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Interface transmitter displacer type
Sensor technologies. topic
Posted by khashayar on 6 November, 2012 - 11:44 pm
hi every one

i have an masoneilan level transmitter .
i want to measuring interface of water - oil .\
i have read in manual that displacer must always be immersed in lower density fluid.

why? and how can i be sure about displacer being immersed.

thank u


Posted by Katie Hay on 7 November, 2012 - 6:08 pm
Since a displacer transmitter actually detects the change in buoyancy force acting on the displacer, when detecting the interface of two liquids the displacer transmitter must be designed and calibrated to ignore the buoyancy force of the upper liquid and detect only the change in buoyancy force caused by level change of the lower liquid.

Buoyancy force is the mass of the displaced liquid. When the displacer is completely immersed in the upper liquid, the volume of liquid displaced, and therefore the corresponding buoyancy force, is a known value. If part of the displacer is above the liquid level, the buoyancy force is a lesser variable value. This variation will cause error in the interface level reading.

The only way to ensure that the displacer is always completely submerged is to use it in a situation where the thickness of the upper liquid layer is always greater than the length of the displacer.

Other technologies, such as guided wave radar, are not limited by the thickness of the upper liquid layer.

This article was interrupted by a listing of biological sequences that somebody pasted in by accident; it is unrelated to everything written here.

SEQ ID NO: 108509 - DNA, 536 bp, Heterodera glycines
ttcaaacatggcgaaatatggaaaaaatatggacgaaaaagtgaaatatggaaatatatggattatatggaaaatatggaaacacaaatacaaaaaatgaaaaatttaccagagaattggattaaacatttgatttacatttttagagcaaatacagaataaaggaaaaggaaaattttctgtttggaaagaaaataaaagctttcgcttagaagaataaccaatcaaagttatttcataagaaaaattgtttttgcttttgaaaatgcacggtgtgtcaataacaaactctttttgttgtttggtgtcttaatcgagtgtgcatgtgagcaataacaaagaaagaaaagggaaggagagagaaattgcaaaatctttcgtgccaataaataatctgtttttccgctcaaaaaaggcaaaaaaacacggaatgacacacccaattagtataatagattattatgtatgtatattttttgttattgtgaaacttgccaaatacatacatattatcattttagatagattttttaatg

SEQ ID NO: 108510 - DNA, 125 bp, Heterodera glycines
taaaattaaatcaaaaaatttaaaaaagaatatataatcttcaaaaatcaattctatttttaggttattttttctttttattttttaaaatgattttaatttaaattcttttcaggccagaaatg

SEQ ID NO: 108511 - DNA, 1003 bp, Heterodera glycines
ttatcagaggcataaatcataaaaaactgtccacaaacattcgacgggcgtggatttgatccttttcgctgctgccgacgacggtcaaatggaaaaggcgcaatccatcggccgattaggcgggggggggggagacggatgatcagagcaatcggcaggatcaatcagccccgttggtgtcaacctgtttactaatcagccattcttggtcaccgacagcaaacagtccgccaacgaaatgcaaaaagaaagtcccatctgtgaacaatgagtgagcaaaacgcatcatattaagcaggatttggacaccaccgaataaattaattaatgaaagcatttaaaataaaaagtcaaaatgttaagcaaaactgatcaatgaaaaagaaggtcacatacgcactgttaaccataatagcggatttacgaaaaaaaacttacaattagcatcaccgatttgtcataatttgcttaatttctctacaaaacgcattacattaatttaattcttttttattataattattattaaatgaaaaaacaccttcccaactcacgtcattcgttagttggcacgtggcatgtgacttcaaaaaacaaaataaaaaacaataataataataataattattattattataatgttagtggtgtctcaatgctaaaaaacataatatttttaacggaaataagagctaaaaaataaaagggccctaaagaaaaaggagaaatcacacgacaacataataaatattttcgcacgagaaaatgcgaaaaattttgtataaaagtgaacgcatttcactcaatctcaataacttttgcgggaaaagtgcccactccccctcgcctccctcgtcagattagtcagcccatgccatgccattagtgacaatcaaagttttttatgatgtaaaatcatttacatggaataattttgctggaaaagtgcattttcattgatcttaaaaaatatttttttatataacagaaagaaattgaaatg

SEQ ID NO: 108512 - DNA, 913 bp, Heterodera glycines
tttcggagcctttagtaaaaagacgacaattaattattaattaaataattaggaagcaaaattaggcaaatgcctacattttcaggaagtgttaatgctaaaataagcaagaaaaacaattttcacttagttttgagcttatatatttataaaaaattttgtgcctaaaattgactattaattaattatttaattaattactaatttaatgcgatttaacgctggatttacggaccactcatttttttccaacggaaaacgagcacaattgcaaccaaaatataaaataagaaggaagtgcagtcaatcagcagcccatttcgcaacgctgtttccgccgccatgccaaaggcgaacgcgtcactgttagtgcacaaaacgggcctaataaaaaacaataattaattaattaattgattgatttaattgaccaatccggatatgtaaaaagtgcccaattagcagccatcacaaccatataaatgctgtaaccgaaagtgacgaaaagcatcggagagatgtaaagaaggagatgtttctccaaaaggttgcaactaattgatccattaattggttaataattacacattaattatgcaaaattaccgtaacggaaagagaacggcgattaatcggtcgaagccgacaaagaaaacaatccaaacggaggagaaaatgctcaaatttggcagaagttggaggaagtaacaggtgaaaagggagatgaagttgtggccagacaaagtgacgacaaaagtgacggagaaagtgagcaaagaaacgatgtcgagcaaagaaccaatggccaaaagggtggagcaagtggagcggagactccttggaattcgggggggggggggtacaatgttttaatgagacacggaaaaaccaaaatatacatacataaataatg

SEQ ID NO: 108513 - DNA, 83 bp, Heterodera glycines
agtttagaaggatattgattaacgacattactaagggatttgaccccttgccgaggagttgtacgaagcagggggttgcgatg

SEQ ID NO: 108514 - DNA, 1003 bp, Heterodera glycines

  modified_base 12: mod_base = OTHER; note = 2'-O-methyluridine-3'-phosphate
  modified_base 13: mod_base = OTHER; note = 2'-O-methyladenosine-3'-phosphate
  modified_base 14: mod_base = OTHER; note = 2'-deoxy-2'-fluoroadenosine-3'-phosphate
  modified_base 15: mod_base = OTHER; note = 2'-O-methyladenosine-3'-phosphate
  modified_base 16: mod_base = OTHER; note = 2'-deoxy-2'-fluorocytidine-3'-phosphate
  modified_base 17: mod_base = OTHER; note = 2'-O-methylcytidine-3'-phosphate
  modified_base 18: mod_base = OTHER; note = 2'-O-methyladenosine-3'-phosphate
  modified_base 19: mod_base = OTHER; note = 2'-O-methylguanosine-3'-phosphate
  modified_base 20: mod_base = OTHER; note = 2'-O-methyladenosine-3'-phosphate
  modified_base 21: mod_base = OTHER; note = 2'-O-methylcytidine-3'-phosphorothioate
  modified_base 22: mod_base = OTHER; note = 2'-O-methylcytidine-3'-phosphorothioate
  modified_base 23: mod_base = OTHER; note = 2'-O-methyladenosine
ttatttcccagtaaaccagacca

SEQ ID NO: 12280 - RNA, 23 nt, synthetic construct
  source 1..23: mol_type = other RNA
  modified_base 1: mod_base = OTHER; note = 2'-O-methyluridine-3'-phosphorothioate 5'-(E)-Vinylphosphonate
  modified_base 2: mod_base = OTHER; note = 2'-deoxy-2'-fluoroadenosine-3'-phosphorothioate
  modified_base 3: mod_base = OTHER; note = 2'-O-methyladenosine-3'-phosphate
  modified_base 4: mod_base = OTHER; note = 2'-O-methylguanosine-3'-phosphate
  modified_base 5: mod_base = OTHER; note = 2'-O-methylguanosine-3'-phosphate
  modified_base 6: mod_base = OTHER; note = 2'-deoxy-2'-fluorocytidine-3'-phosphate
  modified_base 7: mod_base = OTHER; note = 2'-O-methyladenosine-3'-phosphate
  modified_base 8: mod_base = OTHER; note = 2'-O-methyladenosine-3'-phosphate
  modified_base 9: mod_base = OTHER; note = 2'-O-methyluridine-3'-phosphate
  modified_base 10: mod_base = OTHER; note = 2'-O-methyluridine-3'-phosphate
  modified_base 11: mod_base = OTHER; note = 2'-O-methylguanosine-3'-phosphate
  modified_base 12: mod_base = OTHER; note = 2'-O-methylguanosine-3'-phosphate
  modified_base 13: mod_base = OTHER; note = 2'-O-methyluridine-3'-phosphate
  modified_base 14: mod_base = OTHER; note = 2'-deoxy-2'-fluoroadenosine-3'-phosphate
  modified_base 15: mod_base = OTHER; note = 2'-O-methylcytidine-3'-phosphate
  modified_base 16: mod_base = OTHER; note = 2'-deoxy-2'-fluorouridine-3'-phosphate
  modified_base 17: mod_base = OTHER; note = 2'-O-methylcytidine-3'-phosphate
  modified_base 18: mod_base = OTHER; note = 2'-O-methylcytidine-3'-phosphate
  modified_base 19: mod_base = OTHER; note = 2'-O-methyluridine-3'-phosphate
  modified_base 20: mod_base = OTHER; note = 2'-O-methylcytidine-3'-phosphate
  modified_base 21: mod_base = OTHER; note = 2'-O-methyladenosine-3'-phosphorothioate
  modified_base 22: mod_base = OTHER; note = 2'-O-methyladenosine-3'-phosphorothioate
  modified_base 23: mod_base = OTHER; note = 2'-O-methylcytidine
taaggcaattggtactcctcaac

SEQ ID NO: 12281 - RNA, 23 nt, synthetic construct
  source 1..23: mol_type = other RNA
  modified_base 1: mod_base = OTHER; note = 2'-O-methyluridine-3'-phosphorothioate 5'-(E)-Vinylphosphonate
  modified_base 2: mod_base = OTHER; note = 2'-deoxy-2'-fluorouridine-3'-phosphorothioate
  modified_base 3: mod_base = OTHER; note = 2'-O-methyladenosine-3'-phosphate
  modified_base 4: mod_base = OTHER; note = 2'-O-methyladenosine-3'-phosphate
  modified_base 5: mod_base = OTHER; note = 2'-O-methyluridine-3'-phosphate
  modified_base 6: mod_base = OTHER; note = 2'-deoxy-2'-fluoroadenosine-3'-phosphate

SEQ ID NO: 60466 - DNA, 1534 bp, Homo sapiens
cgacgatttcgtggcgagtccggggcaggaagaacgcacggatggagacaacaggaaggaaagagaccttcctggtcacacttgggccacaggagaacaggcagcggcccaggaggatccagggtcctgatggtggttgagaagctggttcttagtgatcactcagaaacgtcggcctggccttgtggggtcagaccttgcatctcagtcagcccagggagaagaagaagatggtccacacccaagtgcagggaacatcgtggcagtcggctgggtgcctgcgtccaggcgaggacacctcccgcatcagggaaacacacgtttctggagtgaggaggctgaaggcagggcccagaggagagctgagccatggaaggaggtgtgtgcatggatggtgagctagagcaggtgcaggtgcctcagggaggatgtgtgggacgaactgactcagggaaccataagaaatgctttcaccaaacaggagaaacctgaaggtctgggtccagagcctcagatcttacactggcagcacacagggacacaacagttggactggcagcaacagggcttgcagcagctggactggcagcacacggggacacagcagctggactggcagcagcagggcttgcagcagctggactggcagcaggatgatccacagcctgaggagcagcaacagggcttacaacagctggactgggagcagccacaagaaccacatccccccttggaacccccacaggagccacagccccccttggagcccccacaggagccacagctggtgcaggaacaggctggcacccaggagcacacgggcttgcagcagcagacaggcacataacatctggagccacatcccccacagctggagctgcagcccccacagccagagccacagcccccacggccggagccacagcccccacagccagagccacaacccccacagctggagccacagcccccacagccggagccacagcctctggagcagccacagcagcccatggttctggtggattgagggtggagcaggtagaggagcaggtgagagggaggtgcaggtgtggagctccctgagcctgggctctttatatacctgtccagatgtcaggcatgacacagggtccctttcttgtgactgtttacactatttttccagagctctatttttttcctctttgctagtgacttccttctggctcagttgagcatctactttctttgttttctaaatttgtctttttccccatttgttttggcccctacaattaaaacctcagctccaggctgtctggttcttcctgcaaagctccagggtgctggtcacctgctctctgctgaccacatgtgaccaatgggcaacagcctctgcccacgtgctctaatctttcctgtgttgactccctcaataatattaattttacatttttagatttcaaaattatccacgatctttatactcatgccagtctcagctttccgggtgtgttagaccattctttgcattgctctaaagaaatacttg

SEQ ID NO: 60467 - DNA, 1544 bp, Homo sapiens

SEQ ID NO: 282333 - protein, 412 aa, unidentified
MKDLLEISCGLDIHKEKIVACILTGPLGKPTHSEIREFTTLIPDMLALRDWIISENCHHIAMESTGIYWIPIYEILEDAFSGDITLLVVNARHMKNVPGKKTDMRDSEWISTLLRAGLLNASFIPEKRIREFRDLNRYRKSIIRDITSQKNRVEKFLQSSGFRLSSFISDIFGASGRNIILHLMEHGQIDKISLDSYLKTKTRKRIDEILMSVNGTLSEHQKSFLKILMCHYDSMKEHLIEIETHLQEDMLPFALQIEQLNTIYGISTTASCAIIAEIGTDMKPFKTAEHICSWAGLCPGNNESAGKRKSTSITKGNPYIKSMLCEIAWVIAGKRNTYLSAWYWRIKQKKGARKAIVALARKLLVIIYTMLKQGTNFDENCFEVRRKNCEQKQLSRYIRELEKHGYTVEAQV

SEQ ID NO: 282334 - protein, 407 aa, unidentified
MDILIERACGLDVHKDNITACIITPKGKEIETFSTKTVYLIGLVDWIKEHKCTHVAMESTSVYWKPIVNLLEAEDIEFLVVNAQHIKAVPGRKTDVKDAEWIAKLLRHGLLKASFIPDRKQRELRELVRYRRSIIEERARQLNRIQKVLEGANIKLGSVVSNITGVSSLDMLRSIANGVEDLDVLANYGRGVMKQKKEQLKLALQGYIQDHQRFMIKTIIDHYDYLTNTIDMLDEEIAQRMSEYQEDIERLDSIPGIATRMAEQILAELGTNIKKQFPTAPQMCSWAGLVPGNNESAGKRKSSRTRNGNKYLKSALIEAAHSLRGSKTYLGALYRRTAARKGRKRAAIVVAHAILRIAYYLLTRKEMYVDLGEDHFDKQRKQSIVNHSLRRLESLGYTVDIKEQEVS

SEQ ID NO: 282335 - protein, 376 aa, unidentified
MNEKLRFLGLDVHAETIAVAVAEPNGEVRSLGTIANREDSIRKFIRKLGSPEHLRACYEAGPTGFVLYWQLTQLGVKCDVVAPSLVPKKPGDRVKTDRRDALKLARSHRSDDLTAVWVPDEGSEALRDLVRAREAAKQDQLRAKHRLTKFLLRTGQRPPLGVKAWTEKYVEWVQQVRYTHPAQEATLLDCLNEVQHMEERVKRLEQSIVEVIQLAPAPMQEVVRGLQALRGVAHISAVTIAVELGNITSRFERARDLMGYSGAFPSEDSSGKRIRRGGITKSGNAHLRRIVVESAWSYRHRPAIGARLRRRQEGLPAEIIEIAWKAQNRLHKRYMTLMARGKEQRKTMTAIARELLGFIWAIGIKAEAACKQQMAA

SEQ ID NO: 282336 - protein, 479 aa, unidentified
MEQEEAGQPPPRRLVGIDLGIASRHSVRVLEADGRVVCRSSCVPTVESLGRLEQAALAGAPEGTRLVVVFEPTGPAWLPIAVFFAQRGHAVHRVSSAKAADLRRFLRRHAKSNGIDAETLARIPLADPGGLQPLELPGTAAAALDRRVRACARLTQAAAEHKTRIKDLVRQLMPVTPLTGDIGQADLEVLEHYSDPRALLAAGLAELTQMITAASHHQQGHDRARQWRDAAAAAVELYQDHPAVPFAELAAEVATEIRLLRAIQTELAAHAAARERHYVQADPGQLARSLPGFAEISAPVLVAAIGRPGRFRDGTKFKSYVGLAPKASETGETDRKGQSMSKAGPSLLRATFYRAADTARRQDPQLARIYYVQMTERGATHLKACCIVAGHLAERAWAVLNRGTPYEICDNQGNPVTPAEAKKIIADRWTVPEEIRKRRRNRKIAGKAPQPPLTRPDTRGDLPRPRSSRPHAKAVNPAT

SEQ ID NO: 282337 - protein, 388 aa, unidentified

Posted by khashayar on 10 November, 2012 - 5:22 am
i really appreciate your consideration.

but i have seen some data sheets of customers that mentioned that they need level transmitter displacer type for their interface application. they have even mentioned about their fluids.

your tip that said thickness of upper fluid should have been larger than the displacer length is true. but this means that i have another range length at the top of my device to support the volume of upper fluid?


Posted by Asok Kumar Hait on 10 November, 2012 - 10:39 am
When you are measuring interface level with displacer, 1st consideration is make sure that 100% of the displacer range (i.e C-C distance) is covered with lower density upper fluid. At this point you adjust the displacer transmitter and make transmitter output as 4mA corresponding to 0% of the interface level.

After this cover the 100% of the displacer range by heavier fluid and set the transmitter output to 20 mA corresponding to 100% of the interface level.

That's all. After this when the interface level varies from 0% to 100%, you get correct reading of the interface level. The key is the zero adjustment when the interface level at 0%. If the displacer is not fully submerged in upper fluid then the force on the displacer will vary (depending on the height of the upper fluid) and the zero compensation done will change resulting in inaccurate reading.
This is true even when measuring interface level with DP transmitter. In this case the upper tap shall always be in the lower density of fluid similar to displacer measurement.


Posted by yoga on 9 December, 2013 - 8:35 pm
The theory of displacer is when a body is immersed in a fluid, it loses weight equal to the liquid weight displaced (Archimedes Principle).

By detection of the apparent weight of the immersed displacer, a level instrument can be devised. If the cross sectional area of the displacer and the density of the liquid is constant, then a unit change in level will result in a reproducible unit change in displacer weight.

And it has disadvantage when its density changed
Since the displacement of the body (it's weight loss) is equal to the weight of the fluid displaced. If the specific gravity changes, then the weight of the displaced material changes, thus changing the calibration.

This is especially problematic in interface measurements, where both liquids increase or decrease density, while the signal is proportional to the density difference.

finally, you have to calibrate again for make sure your measurement.

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